Snakes on a Plane: Bad Is The New Good

by Marianne Richmond on August 22, 2006

Yes, I am really writing a second post on Snakes on a Plane. Why? Because my 13 year old son asked me this morning if he could go see it. His reason? "Because I heard it was really stupid and I want to go see what its about."

And that just about sums up the impact of all that blogger buzz translated into the spoken word of the target demo (Mack pointed out today that I wasn’t in the target demo, but I am the mother of two card carrying members of the target demo so I do think I have a proxy opinion).

Now, Seth Godin pointed out today that awareness doesn’t translate into purchases. He said, " I fear that people are missing a fundamental truth: just because people know who you are doesn’t mean they’re going to buy what you sell." It is indeed a fundamental truth that seems to be frequently forgotten, or at least disregarded. But, what about "Because I heard it was really stupid and I want to go see what its about."

Well, I asked my son who else was going to the movie he named two friends. When he says "I heard" it doesn’t mean he read a blog (THAT he thinks defines stupid), read it in the newspaper, or saw it on the evening news. Most likely he saw the trailer at another movie (he has gone about twice a week this summer) and/or saw commercials on ESPN. He and his friends most likely "talked" about the movie on IMs. It is highly possible that their were more than the three of them "talking" about the movie and "how stupid" it was online. OK, the sample size is small. But, I think it gives credence to the "its the experience, stupid" contingent. Mack, you called it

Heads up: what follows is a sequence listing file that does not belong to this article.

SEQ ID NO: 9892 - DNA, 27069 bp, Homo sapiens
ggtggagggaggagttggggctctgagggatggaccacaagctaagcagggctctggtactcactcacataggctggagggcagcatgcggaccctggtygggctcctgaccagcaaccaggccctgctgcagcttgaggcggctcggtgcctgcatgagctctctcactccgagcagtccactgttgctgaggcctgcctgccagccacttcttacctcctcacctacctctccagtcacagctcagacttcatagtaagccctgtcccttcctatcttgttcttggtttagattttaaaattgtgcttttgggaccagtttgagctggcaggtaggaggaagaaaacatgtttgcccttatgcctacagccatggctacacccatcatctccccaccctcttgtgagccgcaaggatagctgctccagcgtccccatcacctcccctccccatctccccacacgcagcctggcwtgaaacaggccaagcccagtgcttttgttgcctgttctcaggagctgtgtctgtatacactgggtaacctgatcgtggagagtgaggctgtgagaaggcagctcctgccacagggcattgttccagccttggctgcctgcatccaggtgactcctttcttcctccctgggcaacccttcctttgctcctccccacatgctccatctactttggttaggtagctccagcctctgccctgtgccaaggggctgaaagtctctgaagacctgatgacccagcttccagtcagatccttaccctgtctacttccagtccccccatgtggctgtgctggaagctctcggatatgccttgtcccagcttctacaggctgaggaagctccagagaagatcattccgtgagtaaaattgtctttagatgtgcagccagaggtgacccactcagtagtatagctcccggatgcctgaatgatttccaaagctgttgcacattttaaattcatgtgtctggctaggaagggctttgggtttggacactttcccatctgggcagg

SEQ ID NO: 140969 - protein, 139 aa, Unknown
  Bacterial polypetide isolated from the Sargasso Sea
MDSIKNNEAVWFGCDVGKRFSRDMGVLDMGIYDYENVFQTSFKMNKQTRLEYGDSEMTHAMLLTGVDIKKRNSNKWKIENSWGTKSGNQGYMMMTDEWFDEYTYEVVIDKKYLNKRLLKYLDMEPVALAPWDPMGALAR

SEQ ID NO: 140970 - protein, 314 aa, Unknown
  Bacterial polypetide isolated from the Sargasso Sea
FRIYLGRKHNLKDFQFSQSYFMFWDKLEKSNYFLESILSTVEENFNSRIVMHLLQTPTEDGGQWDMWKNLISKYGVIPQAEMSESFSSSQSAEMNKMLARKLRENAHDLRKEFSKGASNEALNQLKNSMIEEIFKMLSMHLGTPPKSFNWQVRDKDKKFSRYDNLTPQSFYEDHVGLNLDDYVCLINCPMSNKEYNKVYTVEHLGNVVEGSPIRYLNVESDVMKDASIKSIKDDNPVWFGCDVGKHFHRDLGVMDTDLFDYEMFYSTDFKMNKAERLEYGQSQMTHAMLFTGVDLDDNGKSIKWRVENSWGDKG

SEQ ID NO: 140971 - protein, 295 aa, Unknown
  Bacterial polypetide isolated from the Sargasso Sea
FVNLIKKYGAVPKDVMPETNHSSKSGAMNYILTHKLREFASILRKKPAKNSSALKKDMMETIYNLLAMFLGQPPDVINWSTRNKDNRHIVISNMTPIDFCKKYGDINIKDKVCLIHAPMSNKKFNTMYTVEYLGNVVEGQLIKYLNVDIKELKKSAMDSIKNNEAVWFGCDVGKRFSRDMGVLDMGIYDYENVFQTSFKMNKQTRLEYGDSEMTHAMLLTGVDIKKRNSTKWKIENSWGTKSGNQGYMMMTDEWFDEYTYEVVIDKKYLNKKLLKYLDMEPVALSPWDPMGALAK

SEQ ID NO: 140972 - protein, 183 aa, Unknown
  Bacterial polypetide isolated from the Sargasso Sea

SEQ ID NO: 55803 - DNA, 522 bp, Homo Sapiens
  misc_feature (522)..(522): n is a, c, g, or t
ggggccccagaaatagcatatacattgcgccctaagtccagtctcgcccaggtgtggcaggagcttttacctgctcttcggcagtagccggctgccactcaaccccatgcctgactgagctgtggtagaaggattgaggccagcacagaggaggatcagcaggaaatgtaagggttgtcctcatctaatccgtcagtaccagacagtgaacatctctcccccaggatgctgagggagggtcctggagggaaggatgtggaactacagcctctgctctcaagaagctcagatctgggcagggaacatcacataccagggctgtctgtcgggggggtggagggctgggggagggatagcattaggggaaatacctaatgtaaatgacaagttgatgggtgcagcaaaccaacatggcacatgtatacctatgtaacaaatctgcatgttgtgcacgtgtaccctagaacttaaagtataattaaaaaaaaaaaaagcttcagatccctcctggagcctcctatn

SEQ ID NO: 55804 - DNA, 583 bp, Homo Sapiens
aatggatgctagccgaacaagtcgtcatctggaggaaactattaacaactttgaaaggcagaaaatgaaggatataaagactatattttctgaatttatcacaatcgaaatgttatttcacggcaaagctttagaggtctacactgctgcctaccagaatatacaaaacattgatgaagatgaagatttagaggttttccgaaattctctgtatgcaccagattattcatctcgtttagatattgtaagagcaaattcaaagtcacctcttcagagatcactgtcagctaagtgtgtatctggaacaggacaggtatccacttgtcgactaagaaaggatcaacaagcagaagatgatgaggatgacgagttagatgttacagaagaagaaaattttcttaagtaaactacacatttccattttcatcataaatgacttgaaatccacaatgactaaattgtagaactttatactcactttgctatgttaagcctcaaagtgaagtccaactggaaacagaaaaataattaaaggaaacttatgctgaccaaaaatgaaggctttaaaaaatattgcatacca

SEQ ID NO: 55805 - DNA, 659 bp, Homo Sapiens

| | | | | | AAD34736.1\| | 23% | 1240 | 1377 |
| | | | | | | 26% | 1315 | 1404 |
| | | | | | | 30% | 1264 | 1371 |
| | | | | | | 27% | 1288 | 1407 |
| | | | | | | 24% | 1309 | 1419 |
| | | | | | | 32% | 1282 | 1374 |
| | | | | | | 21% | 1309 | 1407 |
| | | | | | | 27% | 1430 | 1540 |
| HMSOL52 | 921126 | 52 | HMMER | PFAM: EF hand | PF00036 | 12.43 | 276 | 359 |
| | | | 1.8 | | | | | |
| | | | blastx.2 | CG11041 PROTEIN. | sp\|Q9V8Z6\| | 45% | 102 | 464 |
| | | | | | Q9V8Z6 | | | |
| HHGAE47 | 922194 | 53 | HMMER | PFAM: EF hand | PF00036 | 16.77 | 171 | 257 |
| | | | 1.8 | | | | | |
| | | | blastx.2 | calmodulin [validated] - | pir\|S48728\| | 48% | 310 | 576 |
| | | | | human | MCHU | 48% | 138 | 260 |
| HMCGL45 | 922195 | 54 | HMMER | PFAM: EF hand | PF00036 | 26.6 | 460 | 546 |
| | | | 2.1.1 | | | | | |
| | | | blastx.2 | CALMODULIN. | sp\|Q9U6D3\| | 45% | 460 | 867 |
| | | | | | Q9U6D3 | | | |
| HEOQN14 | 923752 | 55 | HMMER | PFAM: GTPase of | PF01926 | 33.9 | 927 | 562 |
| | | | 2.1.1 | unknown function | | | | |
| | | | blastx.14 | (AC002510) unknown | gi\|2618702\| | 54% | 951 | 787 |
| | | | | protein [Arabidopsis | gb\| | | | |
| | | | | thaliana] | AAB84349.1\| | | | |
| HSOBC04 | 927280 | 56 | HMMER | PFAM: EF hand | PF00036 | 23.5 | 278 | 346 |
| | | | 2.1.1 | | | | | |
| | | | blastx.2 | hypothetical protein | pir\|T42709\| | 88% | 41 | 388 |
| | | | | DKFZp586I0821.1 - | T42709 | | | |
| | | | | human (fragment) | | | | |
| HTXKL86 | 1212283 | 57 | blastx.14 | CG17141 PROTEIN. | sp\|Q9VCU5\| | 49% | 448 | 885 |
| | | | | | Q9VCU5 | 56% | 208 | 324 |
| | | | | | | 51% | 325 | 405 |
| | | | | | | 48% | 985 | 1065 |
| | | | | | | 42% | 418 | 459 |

Jackie Huba wrote a post about the five lessons to be learned from Snakes on a Plane. Number 5: "The experience is the difference between profit and failure. SoaP was not just a film but a film-going experience…. some people said it was the most fun they’d had at a movie in years. That’s welcome news for an industry whose revenues keep declining."

So, when I picked my son up from the movie he got in the car, grinned and said, "It was awesome, mom."

"Awesome?"

"Yes, he said, It was so bad it was hysterically funny."  And there you have it….it was funny. They had fun. OK, maybe not THE "film going experience" but a positive nonetheless. They are not going to go out and buy rubber snakes and go see it twenty more times.They are not planning an audience participation party. But, they will tell their friends, who will tell their friends…..This may just make the difference between profit and failure.

Now, I am not taking back anything else I said previously,  even, " I think part of the experience is a good movie; a good experience requires a good movie." I will revise the definition of "good movie." They thought it was FUNNY….this made it a good movie. This made it a good experience. In my opinion, Seth Godin is right: "The best way to succeed is to have a really great product." OK, well this one we will just call a good experience. Bad is the new good. Or the new awesome.

I still believe that bloggers could focus on more deserving movies. Like Karl Long wrote, "Dear Blogosphere, Can We Promote A Better Movie Than SoaP to Promote Next Time?"  But then again, the MSM is hanging onto the Jon Benet Ramsey/Mark Karr story for dear life. John Stewart nailed that one. CNN, Fox, and MSNBC really didn’t cover the plane carrying Mark Karr taxing down the runway, live. Did they?

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